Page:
Immunotherapy is a cancer treatment that enables the immune system to fight cancer cells. There are many types of immunotherapy, but they all work by changing or boosting this vital system. Immunotherapy agents work in one of three ways. Active agents direct the immune system by targeting tumor antigens, passive immunotherapies enhance the body’s anti-tumor response, and hybrid treatments combine these approaches.

Immunotherapies designed to elicit or amplify an immune response are classified as activation immunotherapies, while immunotherapies that reduce or suppress are classified as suppression immunotherapies.

Immunotherapy has become a key part of cancer treatment in the last few decades. Scientists are discovering new ways to work with the immune system and are regularly developing and testing new treatments. For some cancers, immunotherapy works well and is the only treatment; in other cases, doctors combine it with other interventions.

How Immunotherapy is Administered

Immunotherapy medications may be given into a vein (intravenously, IV), by mouth (oral, PO), or by injection, either under the skin (subcutaneous, SubQ) or into a muscle (intramuscular, IM). Therapies may also be given directly into a body cavity to treat a specific site

Immunotherapy boosts the body’s natural defenses to fight cancer. It uses substances made by the body or in a laboratory to improve how your immune system works to find and destroy cancer cells.

Your Immune System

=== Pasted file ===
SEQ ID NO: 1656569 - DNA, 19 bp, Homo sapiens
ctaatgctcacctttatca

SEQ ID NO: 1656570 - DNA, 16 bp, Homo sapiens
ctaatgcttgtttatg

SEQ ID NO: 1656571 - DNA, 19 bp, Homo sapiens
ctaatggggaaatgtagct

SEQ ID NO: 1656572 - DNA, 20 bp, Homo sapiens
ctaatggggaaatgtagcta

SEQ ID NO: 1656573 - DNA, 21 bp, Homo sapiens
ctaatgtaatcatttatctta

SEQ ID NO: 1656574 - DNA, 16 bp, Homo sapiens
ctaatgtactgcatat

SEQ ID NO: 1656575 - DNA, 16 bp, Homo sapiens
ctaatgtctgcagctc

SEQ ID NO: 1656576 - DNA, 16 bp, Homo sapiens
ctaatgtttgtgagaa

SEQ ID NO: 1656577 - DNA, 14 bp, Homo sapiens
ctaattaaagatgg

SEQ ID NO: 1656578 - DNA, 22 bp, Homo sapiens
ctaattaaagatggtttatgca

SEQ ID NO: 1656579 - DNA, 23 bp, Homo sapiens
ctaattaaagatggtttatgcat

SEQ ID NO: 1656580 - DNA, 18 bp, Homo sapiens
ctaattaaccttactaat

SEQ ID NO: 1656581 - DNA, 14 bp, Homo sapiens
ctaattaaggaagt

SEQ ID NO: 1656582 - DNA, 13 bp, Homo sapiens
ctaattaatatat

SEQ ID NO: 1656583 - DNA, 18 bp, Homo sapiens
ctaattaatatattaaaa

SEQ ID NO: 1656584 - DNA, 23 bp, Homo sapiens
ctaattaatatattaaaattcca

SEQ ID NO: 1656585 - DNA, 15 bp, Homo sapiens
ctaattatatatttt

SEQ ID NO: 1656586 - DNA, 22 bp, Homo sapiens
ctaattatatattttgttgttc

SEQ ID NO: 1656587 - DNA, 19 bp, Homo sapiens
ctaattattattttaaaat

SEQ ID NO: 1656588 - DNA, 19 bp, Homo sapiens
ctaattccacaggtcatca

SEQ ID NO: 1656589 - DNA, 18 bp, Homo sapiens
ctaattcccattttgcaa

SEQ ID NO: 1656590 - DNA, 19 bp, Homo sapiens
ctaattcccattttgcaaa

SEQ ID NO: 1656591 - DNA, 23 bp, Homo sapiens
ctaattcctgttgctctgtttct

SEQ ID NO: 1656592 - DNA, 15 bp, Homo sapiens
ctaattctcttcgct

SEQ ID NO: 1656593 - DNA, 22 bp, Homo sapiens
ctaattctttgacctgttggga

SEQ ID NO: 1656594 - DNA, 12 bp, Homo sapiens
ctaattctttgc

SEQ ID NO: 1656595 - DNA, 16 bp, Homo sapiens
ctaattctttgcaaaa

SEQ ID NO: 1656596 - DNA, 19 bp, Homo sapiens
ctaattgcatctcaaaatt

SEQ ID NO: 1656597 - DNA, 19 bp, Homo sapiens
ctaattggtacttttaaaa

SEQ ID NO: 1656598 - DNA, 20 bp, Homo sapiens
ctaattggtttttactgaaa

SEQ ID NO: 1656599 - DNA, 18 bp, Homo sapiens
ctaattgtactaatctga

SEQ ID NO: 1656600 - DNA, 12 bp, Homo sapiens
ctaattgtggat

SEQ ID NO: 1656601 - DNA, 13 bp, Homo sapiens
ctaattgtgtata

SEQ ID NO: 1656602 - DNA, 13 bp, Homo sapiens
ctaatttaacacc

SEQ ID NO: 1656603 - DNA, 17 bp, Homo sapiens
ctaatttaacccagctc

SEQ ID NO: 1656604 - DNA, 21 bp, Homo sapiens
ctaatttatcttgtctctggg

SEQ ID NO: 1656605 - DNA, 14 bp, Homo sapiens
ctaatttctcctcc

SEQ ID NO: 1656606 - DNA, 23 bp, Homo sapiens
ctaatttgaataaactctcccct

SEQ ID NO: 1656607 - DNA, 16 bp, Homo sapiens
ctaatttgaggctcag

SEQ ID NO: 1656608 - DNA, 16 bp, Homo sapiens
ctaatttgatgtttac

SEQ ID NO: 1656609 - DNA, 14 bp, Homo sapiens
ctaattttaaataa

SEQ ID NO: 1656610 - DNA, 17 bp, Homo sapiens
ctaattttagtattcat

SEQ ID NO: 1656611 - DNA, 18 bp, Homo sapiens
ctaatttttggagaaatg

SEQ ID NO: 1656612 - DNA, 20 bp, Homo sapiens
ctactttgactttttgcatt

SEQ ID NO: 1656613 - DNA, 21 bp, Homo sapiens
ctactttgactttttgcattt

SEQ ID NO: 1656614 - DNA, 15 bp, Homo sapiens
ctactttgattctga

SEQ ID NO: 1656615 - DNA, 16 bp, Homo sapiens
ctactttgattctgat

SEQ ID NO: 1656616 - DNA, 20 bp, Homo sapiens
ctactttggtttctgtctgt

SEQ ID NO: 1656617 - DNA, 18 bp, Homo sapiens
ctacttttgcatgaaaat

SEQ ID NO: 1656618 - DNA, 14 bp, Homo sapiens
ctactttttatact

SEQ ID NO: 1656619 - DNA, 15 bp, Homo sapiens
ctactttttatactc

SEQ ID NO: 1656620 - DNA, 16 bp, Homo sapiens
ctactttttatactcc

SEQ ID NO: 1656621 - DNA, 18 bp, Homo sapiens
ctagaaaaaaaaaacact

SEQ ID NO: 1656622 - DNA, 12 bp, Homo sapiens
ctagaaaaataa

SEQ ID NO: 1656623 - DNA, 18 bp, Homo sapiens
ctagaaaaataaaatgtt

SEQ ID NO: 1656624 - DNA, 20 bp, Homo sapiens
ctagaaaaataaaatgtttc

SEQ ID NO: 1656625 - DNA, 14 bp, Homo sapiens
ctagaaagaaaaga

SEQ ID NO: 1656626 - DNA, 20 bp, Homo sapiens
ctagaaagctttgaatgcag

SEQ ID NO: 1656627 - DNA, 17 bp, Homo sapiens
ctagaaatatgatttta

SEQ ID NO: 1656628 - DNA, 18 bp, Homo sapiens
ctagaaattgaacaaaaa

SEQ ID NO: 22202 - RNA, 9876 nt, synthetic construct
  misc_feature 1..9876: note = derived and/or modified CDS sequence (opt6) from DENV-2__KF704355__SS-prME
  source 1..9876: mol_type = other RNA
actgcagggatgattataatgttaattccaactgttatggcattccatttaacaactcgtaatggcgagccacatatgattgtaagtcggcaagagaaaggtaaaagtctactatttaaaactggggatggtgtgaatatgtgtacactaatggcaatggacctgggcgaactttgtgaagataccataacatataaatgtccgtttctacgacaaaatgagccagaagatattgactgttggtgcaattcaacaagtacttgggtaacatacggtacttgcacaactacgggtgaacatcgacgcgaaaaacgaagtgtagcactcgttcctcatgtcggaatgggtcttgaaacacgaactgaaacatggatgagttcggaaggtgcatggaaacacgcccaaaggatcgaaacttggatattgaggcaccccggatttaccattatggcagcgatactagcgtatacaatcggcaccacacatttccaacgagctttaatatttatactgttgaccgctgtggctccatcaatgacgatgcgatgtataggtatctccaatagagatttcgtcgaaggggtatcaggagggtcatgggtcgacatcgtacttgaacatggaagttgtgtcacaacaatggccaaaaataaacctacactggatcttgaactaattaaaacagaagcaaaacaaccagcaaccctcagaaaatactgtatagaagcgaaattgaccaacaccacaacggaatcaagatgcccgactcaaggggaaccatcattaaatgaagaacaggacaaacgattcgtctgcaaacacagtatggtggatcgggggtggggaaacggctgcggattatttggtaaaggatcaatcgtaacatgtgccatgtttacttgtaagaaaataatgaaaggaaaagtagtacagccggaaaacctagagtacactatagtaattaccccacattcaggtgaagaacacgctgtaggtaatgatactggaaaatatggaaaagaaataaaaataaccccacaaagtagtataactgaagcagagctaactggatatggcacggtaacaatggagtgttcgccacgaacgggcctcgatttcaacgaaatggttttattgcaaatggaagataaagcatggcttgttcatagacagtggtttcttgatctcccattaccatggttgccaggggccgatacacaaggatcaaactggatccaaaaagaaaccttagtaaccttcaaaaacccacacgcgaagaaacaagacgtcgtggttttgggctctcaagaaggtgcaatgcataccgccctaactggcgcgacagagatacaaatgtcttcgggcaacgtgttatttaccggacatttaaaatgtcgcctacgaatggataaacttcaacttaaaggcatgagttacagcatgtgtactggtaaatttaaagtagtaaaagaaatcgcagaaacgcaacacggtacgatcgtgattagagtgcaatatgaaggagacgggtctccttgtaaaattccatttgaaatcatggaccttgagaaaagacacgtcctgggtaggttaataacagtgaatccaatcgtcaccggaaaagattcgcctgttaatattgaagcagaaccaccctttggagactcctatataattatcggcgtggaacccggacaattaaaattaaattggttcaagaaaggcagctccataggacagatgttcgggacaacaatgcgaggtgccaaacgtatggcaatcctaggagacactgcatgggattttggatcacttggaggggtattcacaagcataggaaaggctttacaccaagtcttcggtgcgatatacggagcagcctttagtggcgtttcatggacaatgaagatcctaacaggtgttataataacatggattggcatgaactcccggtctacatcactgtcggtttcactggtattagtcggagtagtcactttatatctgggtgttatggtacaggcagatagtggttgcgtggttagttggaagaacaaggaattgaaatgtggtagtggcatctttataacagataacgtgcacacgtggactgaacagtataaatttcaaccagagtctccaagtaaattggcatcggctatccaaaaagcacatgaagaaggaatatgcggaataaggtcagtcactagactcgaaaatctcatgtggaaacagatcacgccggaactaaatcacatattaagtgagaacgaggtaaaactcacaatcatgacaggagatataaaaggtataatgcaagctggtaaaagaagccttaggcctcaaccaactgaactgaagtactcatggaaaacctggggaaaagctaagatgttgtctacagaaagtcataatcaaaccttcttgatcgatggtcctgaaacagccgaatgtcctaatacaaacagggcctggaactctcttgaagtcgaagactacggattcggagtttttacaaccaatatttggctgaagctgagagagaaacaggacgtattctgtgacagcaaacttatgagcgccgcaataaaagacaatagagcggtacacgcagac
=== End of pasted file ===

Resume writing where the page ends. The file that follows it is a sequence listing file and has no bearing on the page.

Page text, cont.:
Your immune system consists of a complex process your body uses to fight illness. This process involves your cells, organs, and proteins. Cancer can commonly get around many of the immune system’s natural defenses, allowing cancer cells to continue to grow.

Types of Immunotherapy

Different types of immunotherapy work in different ways. Some immunotherapy treatments help the immune system stop or slow the growth of cancer cells. Others help the immune system destroy cancer cells or stop cancer from spreading to other parts of the body. 

There are many types of immunotherapy. They include:

  • Monoclonal antibodies and tumor-agnostic treatments, such as checkpoint inhibitors
  • Oncolytic virus therapy
  • T-cell therapy
  • Cancer vaccines

When your immune system detects something harmful, it makes antibodies. Antibodies are proteins that fight infection by attaching to antigens, which are molecules that start the immune response in your body.


Monoclonal antibodies are made in a laboratory to boost your body’s natural antibodies or act as antibodies themselves. Monoclonal antibodies can help fight cancer in different ways. 

Other types of monoclonal antibodies boost your immune system by inhibiting or stopping immune checkpoints. An immune checkpoint is normally used by the body to naturally stop the immune system’s response and prevent it from attacking healthy cells. Cancer cells can find ways to hide from the immune system by activating these checkpoints. Checkpoint inhibitors stop the ability of cancer cells to stop the immune system from activating, and in turn, amplify your body’s immune system to help destroy cancer cells

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